Stephen's dev blog

jQuery create a client-side MVC

Posted on: 28 August, 2008

A while ago a colleague suggested to me the idea of having a client-side MVC (Model View Controller) framework. At first I didn’t like the idea. I have always thought that all client-side code should be seen as one layer, one collection of files that all act as one set of functionality. Whether that be AJAX calls or general functions etc etc.

Then I began to think about it. We already know that a client-side MVC is possible, but I can now see why it would be useful. But it wouldn’t be the traditional MVC architecture, it would really only be VC, the view and controller layers. And that’s all it can ever really be. Javascript can never directly access the model in a web application environment.

I decided that a VC client-side system would still be useful and I’m probably going to develop one for future use. I haven’t got round to doing this yet but these are my ideas.

Firstly, looking at a few of our sites, I could quickly see that there were many javascript files being loaded per page as they were needed. The number of files could range from 5 to 10 or even more. So we need a way of dynamically loading javascript files onto the page as and when they are needed, on the fly. I initially thought that it wasn’t possible to dynamically load javascript files from within a javascript page but I Googled around a bit and when I found the solution it was painfully obvious: you simply load more tags in the section of the HTML.

So with that in mind, lets create a simple front controller. What does it need to do? It needs to have some basic configuration for the MVC; where the root of the files are etc. It needs to have the aforementioned function to load external javascript files into the current page. It needs to have an initialisation function which kicks the MVC off:

mvc.init.js
/**
* client MVC initialiser
*/

/**
* wheres are the MVC files?
*
* @access public
* @var string
*/
var MVCRoot = '/js/';

/**
* initialise the controller
*/
$(document).ready(function()
{
loadJS('mvc.controller');
Controller.init();
});

/**
* load an external js file by appending
* script tag as child to <head> section
*
* @var fileName name of file to load
* @return bool true on success, false on no fileName given
*/
function loadJS(fileName = null)
{
if (fileName != null)
{
$('<script type="text/javascript" src="'+MVCRoot+fileName+'.js"></script>').appendTo('head');
return true;
}
else
{
return false;
}
}

Ok most of that should make sense. The loadJS() function is fairly straight forward, it simply builds a HTML <script> tag for the new javascript file and appends it to the <head> tag of the HTML. The $(document).ready function then uses this function to ‘include’ the main controller file (which will be /js/mvc.controller.js according to the current config). Now that the init function can call methods of the Controller class it calls the main controller’s initialisation method.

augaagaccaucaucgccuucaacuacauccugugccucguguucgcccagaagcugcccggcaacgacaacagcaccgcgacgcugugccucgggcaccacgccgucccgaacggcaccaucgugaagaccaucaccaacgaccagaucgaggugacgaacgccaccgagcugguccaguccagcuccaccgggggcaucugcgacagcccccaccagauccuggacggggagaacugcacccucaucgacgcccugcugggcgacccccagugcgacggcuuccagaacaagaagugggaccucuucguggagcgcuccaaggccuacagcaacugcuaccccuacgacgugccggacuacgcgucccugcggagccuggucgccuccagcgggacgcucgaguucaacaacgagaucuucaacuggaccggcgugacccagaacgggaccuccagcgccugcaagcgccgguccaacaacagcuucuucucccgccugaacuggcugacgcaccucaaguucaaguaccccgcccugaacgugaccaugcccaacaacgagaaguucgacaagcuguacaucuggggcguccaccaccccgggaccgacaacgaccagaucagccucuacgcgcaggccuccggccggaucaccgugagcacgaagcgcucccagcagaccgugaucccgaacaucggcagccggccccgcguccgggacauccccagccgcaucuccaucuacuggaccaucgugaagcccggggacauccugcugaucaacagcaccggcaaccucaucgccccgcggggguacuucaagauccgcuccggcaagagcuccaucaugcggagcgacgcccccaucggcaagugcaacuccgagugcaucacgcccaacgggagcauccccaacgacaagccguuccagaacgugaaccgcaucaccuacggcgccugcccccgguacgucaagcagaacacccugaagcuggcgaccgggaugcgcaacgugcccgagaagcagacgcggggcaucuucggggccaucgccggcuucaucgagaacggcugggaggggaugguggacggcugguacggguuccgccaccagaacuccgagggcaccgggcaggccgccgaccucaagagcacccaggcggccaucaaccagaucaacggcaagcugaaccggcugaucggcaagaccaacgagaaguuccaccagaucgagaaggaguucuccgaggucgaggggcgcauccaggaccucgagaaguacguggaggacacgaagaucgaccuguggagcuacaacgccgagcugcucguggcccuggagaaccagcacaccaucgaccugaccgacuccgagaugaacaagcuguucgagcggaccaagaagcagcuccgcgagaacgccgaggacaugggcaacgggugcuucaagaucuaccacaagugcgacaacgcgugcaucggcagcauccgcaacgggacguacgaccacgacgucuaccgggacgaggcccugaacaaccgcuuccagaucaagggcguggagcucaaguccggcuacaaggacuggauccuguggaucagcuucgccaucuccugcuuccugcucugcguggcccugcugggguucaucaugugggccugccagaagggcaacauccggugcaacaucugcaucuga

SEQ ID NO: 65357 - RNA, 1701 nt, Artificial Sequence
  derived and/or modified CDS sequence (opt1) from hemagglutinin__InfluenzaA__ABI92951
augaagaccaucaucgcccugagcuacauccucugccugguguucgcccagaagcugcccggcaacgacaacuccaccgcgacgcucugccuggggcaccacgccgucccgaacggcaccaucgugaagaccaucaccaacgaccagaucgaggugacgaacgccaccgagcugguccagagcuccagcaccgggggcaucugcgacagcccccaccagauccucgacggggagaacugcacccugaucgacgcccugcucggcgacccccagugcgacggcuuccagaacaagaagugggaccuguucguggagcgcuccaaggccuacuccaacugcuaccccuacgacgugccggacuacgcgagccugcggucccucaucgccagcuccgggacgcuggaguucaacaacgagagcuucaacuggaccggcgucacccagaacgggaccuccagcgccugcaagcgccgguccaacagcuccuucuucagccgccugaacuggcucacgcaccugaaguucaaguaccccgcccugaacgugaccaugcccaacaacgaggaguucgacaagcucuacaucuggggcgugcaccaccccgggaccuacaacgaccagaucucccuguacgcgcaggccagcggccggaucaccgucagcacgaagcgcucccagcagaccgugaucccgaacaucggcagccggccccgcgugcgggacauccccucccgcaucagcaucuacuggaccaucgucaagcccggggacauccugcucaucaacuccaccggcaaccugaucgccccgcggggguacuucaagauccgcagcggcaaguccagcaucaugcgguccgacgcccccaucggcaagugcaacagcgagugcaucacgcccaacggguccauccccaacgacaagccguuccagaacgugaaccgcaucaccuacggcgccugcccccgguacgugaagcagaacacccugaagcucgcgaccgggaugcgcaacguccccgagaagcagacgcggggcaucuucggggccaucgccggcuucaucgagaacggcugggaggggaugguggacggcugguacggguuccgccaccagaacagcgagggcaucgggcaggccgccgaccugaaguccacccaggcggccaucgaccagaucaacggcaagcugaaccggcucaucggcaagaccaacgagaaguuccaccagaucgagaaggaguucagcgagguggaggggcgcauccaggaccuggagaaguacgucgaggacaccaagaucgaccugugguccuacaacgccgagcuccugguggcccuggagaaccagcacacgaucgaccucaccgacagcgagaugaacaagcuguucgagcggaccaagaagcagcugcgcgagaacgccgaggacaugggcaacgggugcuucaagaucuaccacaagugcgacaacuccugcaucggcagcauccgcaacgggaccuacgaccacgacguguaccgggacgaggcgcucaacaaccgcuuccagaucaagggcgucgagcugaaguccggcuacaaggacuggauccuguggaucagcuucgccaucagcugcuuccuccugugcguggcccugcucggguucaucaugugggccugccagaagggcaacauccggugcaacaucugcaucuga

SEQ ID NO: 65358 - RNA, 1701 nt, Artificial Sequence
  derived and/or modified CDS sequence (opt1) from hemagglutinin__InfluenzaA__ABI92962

As an initial idea, the main controller could start off looking like this:

mvc.controller.js
/**
* client main controller
*/

var Controller =
{
/**
* holds the current page's type
* used for loading required js files etc
*
* @var string
* @access protected
*/
var _pageType : null,

/**
* main controller init function
* gets current page type
* includes required js files
*/
var init : function()
{
loadJS('mvc.controller.ajax');
Controller._getPageType();

/**
* logic to include required files dependent on page
* type etc etc
*/
...
}

/**
* returns the page type for current URI
*
* @return void
*/
var _getPageType : function()
{
var currentURI = window.location;
Controller._pageType = ControllerAjax.getPageType(currentURI);
}
}

Again this is mostly basic stuff and it definitely hasn’t been tested but I think the general idea is in the right direction. I think now that I can visualise how to seperate out javascript objects more clearly I can see how this would benefit a javascript heavy web site/application.

Even though web frameworks have been gaining more and more popularity over recent years I hadn’t thought of applying the same methodical approach to client side coding until my colleague suggested this idea. I think if you think about it and you’re thinking like I was, you can quickly warm to the idea as I have. Almost every day you can read a new article about how in development, we need to be separating out our different types of logic and our layers. Javascript is of course just another language, so why should it not get the same treatment? 🙂

Advertisements

2 Responses to "jQuery create a client-side MVC"

[…] 17, 2008 I wrote a while ago about creating a client side MVC system in […]

[…] on Sat 27-12-2008 Two Random Things I learned this Week Saved by Trueneutral on Sun 21-12-2008 jQuery create a client-side MVC Saved by kgl on Wed 17-12-2008 The Patent System is a Hashtable without a Hash Function Saved by […]

Comments are closed.


  • Patrick: I changed my code, but now I have another problem: Fatal error: Call to a member function isAvailable() on a non-object in /var/www/vhost/web/shopA
  • Stephen Gray: Hi Patrick, That first error is my fault. I had the method name for the refund() method as void() as I had copied the code from the other method!
  • Patrick: Hi Stephen, thanks for sharing your knowledge about creating a custom payment module. I need an extension for magento to handle a credit card payme

Categories

%d bloggers like this: